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Commonly Confused:

Wrack and Rack

In our series on commonly confused terms, we’ve come across some very common terms, but this article focuses on a pair of terms that, while commonly confused, aren’t quite a part of everyday speech.

The verbs wrack and rack are both transitive verbs, which means they take a direct object. Both words have noun forms, but here I’m just focusing on the verb forms. From Merriam-Webster:

Wrack: transitive verb: to wreck beyond compare; utterly ruin; cause the complete destruction of.

Rack:  transitive verb: to torture on the rack; to inflict pain or punishment by pulling or straining; to afflict with torture, pain, or anguish comparable to that suffered on a rack; to afflict and agitate very much with or as if with trouble, stress, anxiety, doubt, unpleasant emotion, or illness.

No matter what form it takes, the term wrack is nearly always synonymous with destruction or that which is destroyed.

Wrack and ruin

Times of wrack and misery

The wrack of a ship

And rack, while causing great pain or punishment, isn’t meant to destroy but to torture.

Rack your brain

Racked with jealousy


So, why the confusion? Wrack is so close to wreck that you’d think it’d be simple to remember: wrack is to wreck, literally. And rack comes from the noun rack—you know, that medieval device they used to string up a prisoner on and stretch him torturously. Sure, I guess the guy was probably destroyed completely after a round on the rack, but the point is rack is inflicting pain or torture—causing some kind of great suffering.

There are arguments that “wrack your brain” has been used in a figurative way so much that it’s almost accepted as correct. But if you think about the phrase, you are thinking very hard, working your brain and stretching it beyond its capacity to work… which is racking. The same can be said with nerve-racking. Something that’s nerve-racking is torturous, painful, and you feel like your last nerve is stretched past its breaking point. It’s not destroyed or ruined. Sorry, wrack supporters out there.  🙂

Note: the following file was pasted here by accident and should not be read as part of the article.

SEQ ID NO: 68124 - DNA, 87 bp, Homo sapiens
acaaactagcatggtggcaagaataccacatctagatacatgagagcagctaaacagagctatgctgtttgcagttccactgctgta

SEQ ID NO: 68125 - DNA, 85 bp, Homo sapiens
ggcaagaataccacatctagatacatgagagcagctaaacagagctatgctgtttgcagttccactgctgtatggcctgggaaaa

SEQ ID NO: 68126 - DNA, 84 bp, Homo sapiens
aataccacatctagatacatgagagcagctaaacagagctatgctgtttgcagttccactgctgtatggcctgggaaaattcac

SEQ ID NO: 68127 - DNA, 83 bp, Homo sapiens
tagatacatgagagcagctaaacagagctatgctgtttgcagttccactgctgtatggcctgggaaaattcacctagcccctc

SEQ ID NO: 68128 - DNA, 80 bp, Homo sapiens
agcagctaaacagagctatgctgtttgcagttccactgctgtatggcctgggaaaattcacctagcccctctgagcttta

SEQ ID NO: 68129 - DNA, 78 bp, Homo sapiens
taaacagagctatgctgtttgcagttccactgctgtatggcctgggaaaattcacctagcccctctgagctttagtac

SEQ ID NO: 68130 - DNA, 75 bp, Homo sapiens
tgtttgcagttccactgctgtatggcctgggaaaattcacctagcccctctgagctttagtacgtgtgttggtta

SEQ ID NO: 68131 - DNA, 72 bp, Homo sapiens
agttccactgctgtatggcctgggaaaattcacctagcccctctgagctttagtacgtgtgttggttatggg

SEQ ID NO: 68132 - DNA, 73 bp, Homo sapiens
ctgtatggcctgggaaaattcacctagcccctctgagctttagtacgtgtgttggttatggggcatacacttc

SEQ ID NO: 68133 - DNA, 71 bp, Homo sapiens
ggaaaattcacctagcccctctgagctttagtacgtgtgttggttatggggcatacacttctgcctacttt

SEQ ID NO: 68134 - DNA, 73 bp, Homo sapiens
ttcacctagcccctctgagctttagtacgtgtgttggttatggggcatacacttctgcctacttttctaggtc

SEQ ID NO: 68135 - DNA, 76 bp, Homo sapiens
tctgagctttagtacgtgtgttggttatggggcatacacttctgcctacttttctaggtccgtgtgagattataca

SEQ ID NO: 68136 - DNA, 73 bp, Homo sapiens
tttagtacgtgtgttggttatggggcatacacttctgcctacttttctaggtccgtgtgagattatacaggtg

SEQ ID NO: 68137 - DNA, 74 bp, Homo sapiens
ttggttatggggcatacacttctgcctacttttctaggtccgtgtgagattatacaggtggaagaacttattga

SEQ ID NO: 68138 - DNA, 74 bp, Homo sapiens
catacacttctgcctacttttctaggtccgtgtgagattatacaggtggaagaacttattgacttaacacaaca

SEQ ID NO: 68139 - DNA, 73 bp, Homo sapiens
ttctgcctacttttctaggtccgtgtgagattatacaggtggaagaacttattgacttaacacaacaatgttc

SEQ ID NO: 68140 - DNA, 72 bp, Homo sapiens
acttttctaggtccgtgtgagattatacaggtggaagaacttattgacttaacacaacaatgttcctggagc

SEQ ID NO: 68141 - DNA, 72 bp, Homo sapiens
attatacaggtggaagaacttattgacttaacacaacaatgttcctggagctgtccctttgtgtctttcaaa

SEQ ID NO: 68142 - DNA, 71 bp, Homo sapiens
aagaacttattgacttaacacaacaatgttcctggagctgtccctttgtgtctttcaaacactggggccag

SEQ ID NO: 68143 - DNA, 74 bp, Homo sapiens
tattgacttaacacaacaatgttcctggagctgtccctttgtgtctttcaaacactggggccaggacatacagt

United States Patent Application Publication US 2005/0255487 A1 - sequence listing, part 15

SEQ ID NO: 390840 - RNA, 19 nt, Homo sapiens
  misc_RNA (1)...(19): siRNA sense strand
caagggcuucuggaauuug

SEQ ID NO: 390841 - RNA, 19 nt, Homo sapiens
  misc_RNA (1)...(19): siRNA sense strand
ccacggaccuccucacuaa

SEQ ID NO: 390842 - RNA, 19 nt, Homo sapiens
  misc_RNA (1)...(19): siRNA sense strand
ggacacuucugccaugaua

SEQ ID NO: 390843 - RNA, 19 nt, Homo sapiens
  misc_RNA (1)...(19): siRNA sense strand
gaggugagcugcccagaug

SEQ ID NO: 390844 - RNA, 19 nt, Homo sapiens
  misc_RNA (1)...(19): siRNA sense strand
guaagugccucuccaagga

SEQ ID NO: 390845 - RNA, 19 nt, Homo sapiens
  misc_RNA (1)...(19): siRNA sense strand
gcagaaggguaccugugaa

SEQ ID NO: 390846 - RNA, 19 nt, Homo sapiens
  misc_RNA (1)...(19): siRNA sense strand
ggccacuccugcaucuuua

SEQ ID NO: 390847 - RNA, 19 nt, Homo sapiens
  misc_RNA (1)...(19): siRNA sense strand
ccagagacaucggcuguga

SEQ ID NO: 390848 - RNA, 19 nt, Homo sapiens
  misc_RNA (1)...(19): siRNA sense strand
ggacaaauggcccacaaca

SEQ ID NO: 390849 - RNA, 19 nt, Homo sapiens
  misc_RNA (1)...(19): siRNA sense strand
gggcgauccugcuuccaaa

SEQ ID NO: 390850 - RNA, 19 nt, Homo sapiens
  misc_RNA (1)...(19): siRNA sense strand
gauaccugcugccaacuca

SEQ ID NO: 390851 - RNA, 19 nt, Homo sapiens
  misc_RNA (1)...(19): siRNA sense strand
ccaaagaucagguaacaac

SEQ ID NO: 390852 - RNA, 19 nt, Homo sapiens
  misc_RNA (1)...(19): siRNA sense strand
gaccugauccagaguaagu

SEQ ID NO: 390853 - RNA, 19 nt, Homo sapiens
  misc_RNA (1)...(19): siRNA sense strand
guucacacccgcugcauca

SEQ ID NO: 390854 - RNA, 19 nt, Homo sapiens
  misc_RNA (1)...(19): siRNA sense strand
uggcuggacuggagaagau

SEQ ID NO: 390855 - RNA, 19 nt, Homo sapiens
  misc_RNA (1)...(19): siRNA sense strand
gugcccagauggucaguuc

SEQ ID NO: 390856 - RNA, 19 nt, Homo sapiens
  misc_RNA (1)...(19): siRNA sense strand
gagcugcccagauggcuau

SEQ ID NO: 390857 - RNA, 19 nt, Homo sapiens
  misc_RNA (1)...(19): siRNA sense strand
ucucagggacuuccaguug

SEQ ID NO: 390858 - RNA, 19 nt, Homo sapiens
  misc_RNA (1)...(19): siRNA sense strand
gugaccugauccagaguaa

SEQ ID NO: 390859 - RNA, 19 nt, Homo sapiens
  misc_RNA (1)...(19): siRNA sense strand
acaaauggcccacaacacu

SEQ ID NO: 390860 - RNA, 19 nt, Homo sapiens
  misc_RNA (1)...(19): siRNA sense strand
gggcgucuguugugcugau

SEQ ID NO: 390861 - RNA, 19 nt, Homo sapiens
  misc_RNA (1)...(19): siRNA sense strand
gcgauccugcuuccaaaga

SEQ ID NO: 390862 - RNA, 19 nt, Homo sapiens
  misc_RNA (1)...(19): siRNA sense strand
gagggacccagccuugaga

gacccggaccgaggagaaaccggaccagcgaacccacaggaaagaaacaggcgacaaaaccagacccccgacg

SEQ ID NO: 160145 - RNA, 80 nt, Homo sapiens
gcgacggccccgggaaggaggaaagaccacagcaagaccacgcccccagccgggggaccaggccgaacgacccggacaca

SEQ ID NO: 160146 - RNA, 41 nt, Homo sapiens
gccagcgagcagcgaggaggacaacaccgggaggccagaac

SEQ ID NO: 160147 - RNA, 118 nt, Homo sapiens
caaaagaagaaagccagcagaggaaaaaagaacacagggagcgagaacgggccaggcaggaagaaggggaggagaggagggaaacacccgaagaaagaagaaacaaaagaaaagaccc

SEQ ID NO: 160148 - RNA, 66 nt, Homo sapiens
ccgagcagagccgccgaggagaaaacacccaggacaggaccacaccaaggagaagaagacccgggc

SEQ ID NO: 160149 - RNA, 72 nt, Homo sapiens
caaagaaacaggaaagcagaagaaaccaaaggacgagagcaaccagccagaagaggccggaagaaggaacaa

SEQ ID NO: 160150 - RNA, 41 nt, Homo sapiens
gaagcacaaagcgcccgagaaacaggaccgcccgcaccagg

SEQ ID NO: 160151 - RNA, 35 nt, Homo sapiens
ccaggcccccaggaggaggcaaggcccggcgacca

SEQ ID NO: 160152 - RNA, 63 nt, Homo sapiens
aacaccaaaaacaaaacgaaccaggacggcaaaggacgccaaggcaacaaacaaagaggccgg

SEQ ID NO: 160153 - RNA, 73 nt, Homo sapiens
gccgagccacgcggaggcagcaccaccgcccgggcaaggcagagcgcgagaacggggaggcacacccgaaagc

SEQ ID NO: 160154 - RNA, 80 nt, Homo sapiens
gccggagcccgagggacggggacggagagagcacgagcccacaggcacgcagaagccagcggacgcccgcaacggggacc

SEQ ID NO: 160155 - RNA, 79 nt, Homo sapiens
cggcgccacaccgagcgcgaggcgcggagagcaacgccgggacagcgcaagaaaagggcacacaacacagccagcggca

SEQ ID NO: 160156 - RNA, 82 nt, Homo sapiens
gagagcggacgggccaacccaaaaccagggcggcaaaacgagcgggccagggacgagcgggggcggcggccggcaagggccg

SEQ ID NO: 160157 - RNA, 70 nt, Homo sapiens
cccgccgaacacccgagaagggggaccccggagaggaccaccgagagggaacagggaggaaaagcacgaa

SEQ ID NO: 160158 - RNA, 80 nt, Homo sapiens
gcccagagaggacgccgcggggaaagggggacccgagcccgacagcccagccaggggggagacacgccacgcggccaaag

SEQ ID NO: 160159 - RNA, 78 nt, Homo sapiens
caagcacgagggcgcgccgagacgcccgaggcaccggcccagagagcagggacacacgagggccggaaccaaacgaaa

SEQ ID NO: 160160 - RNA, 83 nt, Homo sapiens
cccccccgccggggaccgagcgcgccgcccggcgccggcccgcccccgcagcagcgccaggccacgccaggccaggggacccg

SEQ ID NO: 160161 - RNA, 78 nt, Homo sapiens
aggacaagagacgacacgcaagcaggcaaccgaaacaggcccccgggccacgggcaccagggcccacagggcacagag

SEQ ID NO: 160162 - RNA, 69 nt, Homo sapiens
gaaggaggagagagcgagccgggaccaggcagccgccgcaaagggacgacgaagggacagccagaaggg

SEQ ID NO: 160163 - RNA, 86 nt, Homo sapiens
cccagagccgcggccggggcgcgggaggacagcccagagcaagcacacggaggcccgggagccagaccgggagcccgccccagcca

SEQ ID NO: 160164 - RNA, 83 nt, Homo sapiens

Happy writing!


  1. Anne Hammond Says: January 22, 2015 at 1:41 am

    Sadly either a lot of the books I’ve read lately haven’t had the benefit of an editor, or (let’s hope not) the editor is less than discerning! Examples I’ve come across in past 3 months alone include:

    Discrete bulge
    Bearing your soul
    Can I steel her away?
    prescribed for proscribed
    preceded for proceeded
    His/her interest was peaked – that’s so popular with American authors I sometimes wonder if they’re right and interest shouldn’t be piqued at all.

    Years ago someone told me she didn’t use the spellcheck because it gave several alternatives and she wouldn’t know which was the right one. Maybe that’s the answer?

    • Thanks for reading and taking the time to comment. I have to admit I see a lot of these, too. On the bright side, it just gives us more opportunities for articles. And you’ve just added a few new words to my list, so thank you again!

  2. Good to know!!

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